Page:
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Why Donald Trump’s Scams Won’t Stick

If you believe the system is rigged, then Don the Con is your man.

MANDEL NGAN / Getty Images

In February, Marco Rubio, desperately trying to give a jolt to his dying campaign, called Donald Trump “a con artist.” Such harsh words are common in the heat of campaigns, but what is remarkable is that Rubio now endorses Trump for president while still refusing to walk back his characterization of Trump. “I’ve stood by everything I ever said in my campaign,” Rubio told the Miami Herald last month. So the Florida senator’s position is that Trump is a grifter who should be president.

What’s true of Rubio applies to the Republican Party as a whole, which by and large is sticking with Trump despite overwhelming evidence that he’s a flimflam man of epic proportion. In fact, the fact that Trump is a shady character is likely to boost his popularity with his base, who buy into the idea that the system is corrupt and therefore can only be destroyed by someone who knows how deep the rot is because he’s corrupt himself. Trump is so little concerned with being tagged as a con artist that he openly touts his support by Don King, whose sordid history includes stomping a man to death and bilking the boxers he was supposed to represent.

On Monday, Washington Post reporter David Fahrenthold published a blockbuster report showing that the Republican nominee used money donated to his charity, the Trump Foundation, to pay for private lawsuits. Speaking on CNN, Fahrenthold summed up the case in blunt terms: “Trump is using his charity to benefit his businesses, which is against the law.” The Trump campaign responded to Fahrenthold’s allegations of charitable self-dealing by saying it was inaccurate, but without offering a single factual correction. Nor has the Trump campaign been able to refute Fahrenthold’s other major revelation, that Trump took credit for donations made by the foundation—a charity to which Trump himself has not contributed since 2008. He also used foundation money to buy gifts for himself.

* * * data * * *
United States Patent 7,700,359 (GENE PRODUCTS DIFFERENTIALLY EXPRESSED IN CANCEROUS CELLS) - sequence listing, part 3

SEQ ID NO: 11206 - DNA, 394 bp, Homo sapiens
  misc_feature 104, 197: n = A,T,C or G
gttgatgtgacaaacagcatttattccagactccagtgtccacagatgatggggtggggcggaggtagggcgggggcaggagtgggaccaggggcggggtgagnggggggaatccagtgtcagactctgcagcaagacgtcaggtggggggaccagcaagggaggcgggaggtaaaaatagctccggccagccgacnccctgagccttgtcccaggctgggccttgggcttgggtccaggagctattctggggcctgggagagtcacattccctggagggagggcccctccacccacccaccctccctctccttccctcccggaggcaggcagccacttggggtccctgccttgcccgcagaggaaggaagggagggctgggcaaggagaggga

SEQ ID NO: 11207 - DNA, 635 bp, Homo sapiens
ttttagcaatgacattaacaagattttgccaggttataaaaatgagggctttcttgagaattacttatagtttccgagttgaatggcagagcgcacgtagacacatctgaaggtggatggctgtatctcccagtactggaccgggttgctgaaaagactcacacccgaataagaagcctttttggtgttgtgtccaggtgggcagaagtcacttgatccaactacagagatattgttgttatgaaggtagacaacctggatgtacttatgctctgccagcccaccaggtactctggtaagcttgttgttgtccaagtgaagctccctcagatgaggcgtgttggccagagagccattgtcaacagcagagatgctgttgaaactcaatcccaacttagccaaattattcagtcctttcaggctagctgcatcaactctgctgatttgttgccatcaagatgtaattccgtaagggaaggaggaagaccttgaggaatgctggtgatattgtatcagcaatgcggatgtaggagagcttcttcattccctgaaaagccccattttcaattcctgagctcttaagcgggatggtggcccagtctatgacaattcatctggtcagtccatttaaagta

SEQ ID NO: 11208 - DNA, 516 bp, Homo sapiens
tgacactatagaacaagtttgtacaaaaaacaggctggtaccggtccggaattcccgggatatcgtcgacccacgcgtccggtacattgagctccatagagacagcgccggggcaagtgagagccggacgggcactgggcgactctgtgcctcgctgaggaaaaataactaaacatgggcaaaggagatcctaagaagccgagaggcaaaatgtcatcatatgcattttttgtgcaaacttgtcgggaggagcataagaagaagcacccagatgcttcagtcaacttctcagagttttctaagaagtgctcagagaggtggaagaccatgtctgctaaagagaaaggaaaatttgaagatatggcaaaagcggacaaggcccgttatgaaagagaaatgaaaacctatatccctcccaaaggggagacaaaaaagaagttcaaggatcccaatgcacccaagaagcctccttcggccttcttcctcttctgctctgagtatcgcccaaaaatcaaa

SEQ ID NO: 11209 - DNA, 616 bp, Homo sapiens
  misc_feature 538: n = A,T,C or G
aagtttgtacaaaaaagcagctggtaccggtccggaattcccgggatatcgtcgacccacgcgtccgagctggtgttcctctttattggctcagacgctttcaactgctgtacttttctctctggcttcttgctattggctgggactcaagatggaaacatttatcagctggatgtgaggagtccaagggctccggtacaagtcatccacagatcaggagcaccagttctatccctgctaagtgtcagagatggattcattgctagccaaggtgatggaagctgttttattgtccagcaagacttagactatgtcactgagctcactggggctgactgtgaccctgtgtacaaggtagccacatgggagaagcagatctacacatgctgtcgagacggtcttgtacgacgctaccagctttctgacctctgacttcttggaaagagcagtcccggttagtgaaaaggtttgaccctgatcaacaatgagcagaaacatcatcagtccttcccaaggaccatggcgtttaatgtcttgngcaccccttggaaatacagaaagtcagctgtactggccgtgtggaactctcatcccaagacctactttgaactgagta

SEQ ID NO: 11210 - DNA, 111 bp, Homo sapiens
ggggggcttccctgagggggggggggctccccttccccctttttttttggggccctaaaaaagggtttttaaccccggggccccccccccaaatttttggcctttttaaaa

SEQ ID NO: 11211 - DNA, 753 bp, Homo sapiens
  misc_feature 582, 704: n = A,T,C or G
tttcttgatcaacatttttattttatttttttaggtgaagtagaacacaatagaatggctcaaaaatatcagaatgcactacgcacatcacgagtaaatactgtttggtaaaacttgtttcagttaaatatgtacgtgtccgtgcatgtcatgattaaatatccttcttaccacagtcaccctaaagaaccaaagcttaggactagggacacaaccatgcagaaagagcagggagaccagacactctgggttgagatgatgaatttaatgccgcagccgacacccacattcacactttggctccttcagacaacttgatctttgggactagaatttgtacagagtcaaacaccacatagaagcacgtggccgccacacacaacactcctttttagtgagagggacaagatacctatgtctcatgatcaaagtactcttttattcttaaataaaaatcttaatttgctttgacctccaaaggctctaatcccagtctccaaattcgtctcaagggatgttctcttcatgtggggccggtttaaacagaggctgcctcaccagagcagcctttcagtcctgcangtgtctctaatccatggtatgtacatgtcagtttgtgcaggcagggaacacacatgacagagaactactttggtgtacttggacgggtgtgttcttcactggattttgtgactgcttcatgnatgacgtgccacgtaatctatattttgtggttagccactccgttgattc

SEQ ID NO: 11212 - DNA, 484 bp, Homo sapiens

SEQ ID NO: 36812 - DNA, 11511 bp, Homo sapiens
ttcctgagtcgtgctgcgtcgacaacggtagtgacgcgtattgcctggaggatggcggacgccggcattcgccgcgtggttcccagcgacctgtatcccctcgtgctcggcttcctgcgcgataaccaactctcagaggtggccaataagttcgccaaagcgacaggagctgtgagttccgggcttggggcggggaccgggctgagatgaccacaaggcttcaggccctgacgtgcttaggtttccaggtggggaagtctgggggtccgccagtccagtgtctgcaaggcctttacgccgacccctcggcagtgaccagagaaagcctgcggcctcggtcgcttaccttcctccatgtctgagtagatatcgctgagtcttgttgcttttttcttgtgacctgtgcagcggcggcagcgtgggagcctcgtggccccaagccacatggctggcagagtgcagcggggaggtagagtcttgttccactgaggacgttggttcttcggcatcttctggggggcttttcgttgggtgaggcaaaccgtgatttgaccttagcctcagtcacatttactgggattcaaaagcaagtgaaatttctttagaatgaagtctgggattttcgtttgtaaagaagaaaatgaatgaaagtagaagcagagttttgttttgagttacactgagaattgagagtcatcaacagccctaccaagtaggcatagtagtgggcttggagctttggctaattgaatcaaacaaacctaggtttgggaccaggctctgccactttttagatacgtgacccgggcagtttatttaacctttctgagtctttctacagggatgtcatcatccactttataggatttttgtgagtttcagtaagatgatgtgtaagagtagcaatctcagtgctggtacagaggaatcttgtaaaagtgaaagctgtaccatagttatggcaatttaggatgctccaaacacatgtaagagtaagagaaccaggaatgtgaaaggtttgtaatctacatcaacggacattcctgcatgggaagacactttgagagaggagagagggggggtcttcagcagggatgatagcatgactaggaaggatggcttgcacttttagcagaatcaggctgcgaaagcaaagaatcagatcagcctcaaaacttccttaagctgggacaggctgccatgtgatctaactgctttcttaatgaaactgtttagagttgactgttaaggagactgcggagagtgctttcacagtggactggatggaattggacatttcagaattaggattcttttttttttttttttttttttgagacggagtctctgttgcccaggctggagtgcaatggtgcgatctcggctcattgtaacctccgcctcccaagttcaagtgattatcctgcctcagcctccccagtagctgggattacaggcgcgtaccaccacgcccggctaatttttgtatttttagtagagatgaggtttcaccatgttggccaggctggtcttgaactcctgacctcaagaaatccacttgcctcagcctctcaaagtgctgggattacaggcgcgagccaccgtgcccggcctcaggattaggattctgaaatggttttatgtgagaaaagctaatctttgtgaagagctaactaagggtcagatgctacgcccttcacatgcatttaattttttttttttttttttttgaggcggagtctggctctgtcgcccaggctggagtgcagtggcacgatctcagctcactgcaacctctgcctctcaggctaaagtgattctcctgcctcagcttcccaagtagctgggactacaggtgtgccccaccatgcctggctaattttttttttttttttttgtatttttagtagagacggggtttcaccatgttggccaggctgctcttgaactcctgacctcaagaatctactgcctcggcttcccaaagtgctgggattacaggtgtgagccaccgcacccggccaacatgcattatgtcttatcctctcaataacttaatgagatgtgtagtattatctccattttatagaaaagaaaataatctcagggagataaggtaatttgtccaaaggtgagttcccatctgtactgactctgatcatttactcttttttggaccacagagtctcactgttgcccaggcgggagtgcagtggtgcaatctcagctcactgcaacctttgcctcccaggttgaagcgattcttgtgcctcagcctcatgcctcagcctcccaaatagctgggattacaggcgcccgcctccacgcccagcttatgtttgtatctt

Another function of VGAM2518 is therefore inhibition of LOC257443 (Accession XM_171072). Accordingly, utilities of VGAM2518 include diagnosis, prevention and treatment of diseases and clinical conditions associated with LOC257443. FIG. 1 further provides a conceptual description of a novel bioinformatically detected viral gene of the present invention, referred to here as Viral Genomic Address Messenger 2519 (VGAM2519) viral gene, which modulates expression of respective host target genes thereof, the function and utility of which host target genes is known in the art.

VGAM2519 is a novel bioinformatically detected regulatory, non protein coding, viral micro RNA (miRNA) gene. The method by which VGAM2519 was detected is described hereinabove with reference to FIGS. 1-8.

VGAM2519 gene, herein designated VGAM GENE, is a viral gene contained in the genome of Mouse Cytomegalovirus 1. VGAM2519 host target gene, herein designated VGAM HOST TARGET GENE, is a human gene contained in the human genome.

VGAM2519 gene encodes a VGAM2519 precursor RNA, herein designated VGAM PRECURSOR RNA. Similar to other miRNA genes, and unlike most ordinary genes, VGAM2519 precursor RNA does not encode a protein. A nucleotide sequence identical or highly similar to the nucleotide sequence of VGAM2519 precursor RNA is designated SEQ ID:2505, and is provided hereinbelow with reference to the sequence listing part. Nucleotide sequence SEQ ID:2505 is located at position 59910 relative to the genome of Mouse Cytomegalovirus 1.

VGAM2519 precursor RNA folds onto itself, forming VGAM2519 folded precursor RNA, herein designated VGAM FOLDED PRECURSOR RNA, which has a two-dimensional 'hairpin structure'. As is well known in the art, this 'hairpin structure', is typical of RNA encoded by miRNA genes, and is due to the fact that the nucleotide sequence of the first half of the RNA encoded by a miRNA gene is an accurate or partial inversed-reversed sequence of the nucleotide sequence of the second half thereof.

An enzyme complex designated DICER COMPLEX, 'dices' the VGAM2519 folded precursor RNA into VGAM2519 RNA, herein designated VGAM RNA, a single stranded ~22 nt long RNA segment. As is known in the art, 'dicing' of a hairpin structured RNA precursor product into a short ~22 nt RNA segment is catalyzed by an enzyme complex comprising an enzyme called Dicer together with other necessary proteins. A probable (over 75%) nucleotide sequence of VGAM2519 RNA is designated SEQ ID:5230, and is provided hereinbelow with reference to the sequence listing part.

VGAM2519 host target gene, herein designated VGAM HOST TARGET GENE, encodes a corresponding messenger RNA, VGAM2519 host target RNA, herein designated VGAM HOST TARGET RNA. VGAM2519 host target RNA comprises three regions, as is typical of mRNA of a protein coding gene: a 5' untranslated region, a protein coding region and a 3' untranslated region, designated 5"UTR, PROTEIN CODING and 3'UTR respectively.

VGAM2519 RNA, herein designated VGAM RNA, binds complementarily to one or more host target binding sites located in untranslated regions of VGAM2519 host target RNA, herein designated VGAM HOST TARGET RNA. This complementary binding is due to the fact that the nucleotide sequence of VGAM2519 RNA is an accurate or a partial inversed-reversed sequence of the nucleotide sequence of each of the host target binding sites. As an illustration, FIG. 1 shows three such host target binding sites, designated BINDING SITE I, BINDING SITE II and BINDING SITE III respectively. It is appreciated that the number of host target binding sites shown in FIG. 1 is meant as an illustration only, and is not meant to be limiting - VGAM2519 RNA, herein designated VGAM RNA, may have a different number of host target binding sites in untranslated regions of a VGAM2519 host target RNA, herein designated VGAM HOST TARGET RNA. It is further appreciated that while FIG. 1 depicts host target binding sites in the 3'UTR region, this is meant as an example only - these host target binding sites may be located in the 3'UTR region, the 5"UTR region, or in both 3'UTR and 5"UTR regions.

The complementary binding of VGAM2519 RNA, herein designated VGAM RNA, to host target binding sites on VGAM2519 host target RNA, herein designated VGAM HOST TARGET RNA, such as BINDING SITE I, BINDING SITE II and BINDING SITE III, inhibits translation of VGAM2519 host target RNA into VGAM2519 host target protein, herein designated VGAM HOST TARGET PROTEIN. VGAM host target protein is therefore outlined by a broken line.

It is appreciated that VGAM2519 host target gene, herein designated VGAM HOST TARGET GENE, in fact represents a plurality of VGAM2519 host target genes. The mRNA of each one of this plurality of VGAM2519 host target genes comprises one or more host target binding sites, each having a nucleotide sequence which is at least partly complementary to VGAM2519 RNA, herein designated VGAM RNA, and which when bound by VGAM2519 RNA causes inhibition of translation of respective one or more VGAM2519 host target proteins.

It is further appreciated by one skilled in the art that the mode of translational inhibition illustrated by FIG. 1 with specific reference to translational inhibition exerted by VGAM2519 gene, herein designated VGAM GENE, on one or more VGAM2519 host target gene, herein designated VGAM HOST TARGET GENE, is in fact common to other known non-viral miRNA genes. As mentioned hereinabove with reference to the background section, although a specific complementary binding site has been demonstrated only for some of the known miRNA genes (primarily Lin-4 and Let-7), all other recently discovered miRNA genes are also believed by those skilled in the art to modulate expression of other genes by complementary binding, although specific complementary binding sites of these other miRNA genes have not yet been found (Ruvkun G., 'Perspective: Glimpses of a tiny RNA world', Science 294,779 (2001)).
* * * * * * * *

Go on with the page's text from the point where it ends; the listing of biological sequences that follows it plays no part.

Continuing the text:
The Trump Foundation is just one of many examples of Trump’s grifting. There remain the outstanding accusations that Trump University, according to the sworn deposition of a former employee, was a “fraudulent scheme, and that it preyed upon the elderly and uneducated to separate them from their money.” Trump has also used money donated to his campaign—at least 20 percent of it back in May—to line the pockets of his own business. There’s also Trump’s long history, amounting to hundreds of cases, of not paying bills for services and products he’s purchased. Yet it’s unlikely that this week’s latest evidence that Trump is a scam artist will have much of an impact.

There are three major accusations that can be made against Trump: He’s an unstable man capable of wildly unpredictable behavior (Dangerous Don). He’s a bigot who demeans anyone who is not a straight, white able-bodied male (Deplorable Don). And he’s a swindler (Don the Con).

The Clinton campaign has made Dangerous Don and Deplorable Don big campaign issues, but hasn’t really made the case against Don the Con. Why not?